European car sales in December 2016 showed the 10th gain of the year at +2,6%. A total of 1.180.704 new passenger cars were registered last month, just a handful more than the month before. This also makes this the highest December volume on record, indicating the days of crisis are now well and truly behind us. Almost all major markets showed improving sales, with the Southern European leading the way once again: Italy (+13,1%), Spain (+9,3%), France (+5,8%) and Germany (+3.7%) outperformed the market, while the UK (‐1.1%) dropped slightly. Four other countries lost volume in December, and did so with double digits: tiny Cyprus lost 14,7%, even tinier Iceland lost 16,2%, but both were below 1.000 sales. More worryingly were the losses for Greece (-30,1%) and The Netherlands (-48,1%), but the latter was a result of a change in the taxation of company cars by January 1st, 2017. From now on, only EVs will receive a discount on the taxation, and Plug-in hybrids and other fuel efficient cars will no longer be elligible. This also resulted in a 30% share of plug-in cars in the Dutch December sales figures!
The December rankings are surprisingly similar to what they’ve been over the course of the year, with no big surprises in the last month of the year. Renault Nissan Group and Volkswagen Group add the most volume, followed by Daimler, while DRB Hicom with its Lotus brand, Aston Martin and SAIC-MG are the fastest growing manufacturers, helped by their low volumes to begin with. On the negative side, we find PSA, Ford Motor Company and Geely with its Volvo brand. The former two are suffering from an aging line-up, which even the succesful introductions of the new C3 and 3008 can’t balance at PSA, while Ford is eagerly awaiting the new generation Fiesta which won’t arrive for another few months. Volvo is hit by the changeover from V70/XC70 to S90/V90 and should be able to recover once deliveries of the new 90-series reach full stride. PSA and Geely are also in the top-3 of biggest relative losers, but are trumped by Mitsubishi which loses more than a quarter of its volume on last December.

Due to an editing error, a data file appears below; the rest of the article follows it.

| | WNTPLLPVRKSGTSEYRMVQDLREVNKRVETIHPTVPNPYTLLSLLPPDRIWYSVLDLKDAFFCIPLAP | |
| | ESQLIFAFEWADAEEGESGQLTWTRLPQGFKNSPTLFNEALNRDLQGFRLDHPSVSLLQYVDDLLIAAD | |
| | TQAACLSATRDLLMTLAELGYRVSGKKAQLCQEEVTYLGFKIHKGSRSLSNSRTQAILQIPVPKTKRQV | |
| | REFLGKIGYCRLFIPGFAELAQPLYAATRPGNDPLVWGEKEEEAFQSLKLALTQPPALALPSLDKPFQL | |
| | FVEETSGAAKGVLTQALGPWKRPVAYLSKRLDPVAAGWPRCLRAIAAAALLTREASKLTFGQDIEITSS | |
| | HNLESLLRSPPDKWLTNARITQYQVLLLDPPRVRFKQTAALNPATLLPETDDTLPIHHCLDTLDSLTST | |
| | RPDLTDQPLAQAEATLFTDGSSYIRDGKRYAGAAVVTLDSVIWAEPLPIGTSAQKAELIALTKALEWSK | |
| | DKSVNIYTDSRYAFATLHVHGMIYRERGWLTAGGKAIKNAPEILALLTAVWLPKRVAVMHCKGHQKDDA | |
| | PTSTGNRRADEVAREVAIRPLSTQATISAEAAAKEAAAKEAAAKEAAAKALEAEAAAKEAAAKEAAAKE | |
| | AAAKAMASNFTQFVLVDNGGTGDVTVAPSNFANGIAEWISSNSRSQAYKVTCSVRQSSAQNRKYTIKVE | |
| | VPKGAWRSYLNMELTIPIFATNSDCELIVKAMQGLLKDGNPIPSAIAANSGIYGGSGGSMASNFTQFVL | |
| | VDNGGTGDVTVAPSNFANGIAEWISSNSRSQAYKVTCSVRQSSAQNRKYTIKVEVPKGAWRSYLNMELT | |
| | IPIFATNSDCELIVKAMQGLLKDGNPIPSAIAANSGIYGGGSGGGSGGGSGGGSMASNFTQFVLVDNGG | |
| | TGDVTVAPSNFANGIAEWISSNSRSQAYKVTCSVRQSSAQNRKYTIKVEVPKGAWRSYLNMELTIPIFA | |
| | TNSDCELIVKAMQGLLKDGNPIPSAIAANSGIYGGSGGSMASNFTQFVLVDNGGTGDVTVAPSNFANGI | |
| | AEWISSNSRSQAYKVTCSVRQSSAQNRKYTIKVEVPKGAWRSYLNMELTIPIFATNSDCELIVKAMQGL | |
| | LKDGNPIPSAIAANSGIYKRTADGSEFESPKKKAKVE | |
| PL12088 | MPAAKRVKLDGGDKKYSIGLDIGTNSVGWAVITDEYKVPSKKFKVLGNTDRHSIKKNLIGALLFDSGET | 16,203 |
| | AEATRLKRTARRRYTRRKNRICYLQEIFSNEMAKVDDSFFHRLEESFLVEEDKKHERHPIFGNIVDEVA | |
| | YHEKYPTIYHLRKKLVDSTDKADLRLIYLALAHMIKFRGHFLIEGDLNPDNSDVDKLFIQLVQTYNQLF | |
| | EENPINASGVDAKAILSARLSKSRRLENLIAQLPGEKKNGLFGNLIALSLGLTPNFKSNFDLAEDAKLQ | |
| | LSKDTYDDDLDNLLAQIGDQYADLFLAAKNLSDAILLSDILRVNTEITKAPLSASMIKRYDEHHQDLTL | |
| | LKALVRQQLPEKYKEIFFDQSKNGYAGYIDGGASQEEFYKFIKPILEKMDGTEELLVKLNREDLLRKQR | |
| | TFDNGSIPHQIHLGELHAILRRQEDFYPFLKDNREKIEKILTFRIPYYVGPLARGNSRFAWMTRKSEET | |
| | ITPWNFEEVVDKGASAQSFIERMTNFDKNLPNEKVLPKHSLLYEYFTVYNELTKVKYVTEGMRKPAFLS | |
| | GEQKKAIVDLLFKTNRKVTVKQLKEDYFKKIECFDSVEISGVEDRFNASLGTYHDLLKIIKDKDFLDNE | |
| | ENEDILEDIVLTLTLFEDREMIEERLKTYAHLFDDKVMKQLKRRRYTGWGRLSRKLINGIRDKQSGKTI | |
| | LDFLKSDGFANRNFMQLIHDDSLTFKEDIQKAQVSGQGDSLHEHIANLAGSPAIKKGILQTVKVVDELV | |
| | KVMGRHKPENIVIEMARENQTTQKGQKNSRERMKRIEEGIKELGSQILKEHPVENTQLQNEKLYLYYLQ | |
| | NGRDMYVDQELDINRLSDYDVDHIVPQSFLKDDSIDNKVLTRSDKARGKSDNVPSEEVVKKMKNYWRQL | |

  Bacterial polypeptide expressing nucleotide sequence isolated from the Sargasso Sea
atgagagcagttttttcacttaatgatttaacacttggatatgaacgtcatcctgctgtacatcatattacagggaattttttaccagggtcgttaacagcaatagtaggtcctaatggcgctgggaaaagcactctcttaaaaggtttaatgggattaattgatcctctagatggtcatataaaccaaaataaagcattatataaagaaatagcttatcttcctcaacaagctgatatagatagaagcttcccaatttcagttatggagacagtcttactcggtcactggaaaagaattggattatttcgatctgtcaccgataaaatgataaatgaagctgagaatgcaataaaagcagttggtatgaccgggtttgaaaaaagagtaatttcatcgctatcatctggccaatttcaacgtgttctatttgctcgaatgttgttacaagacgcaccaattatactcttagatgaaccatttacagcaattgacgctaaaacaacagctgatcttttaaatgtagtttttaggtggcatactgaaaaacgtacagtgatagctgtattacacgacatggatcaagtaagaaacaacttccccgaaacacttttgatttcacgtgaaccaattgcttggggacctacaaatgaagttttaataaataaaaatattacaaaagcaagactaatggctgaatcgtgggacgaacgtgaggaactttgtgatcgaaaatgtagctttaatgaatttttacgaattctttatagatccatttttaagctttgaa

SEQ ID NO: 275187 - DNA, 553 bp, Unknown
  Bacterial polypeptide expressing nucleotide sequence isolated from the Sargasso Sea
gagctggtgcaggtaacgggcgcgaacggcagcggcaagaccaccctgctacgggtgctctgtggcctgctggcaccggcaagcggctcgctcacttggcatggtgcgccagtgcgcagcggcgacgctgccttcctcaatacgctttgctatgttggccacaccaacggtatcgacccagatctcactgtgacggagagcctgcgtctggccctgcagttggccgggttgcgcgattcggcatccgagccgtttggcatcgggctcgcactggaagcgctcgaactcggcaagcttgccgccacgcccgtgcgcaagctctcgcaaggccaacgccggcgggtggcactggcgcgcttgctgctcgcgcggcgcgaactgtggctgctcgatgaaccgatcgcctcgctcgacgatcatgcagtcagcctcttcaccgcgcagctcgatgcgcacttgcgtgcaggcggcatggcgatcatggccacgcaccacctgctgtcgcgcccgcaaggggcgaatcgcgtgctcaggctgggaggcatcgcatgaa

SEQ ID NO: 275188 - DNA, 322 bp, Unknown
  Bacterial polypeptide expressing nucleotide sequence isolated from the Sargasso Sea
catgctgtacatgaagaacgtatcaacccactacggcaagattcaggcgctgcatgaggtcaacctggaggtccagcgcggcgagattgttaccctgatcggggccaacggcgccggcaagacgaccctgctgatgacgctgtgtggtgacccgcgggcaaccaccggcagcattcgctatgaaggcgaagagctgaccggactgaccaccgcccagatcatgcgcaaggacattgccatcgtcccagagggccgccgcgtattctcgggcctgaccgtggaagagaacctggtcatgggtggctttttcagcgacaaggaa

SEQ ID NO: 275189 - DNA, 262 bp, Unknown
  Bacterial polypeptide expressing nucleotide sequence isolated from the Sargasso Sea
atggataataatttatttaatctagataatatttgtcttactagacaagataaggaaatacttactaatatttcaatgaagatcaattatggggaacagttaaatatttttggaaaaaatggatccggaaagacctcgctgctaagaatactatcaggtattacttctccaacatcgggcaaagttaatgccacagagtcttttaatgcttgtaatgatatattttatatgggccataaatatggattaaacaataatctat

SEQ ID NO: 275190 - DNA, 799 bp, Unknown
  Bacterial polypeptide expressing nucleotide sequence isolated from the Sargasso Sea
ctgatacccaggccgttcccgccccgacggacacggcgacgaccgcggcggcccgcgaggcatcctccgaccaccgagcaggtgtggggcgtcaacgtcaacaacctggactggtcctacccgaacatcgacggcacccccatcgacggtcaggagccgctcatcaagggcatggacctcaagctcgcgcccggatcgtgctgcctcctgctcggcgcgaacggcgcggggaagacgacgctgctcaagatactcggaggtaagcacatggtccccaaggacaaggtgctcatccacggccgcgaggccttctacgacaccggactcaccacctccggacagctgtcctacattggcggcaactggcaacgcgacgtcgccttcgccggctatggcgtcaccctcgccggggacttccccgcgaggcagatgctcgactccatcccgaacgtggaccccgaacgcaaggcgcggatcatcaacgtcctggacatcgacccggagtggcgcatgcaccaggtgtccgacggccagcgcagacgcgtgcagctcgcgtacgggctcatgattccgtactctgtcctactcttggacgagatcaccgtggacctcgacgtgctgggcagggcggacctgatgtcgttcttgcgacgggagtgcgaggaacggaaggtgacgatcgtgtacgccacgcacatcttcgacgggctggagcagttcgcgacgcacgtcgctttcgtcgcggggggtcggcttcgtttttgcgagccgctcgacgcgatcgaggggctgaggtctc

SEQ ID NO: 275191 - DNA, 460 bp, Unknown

At brand level Renault, Mercedes-Benz and Fiat are again the big gainers, while Peugeot, Ford and Volvo are the big volume losers, for reasons explained above. Peugeot looks especially weak because December 2015 was a monster month for the 308 (27.000 sales), also because of regulation changes in the Dutch market. Among the relative winners and losers, Maserati, Infiniti and Lamborghini get noticed in a positive way, while Dodge, DS, Chevrolet and Cadillac are less favorable. Chevrolet is still delivering the last remaining stock models, while the other 2 American brands don’t even have official import channels and rely on grey market imports. French boutique brand DS desparately needs new (and hot) products.
In the brand ranking, Volkswagen stays on top with stable sales, while Renault is slowly but steadily creeping closer thanks to a 15,4% gain on last year, adding 1,1 percentage point of market share. Ford and Opel/Vauxhall remain in 3rd and 4th place, followed by Mercedes-Benz as the top selling luxury brand for the fourth time in the last five months. That puts Peugeot in 7th place, sandwiched between BMW and Audi, while Fiat and Skoda also show nice improvements, the latter kicking Toyota out of the top-10. Kia moves ahead of Seat, while both improve to threaten struggling Volvo. Outside of the top-20, Suzuki is enjoying some success with its freshened line-up, while Mitsubishi is leapfrogged by both Land Rover and Honda. Smart shows nice improvement, growing by a quarter, and Alfa Romeo grows by almost half thanks to the new Giulia but Porsche adds even more, growing two thirds on last year, helped by strong demand for its SUVs. Jaguar jumps ahead of Lancia, DS and Lexus compared to last December, also helped by SUV sales. At the bottom of the ranking, Bugatti has registered perhaps its first Chiron.
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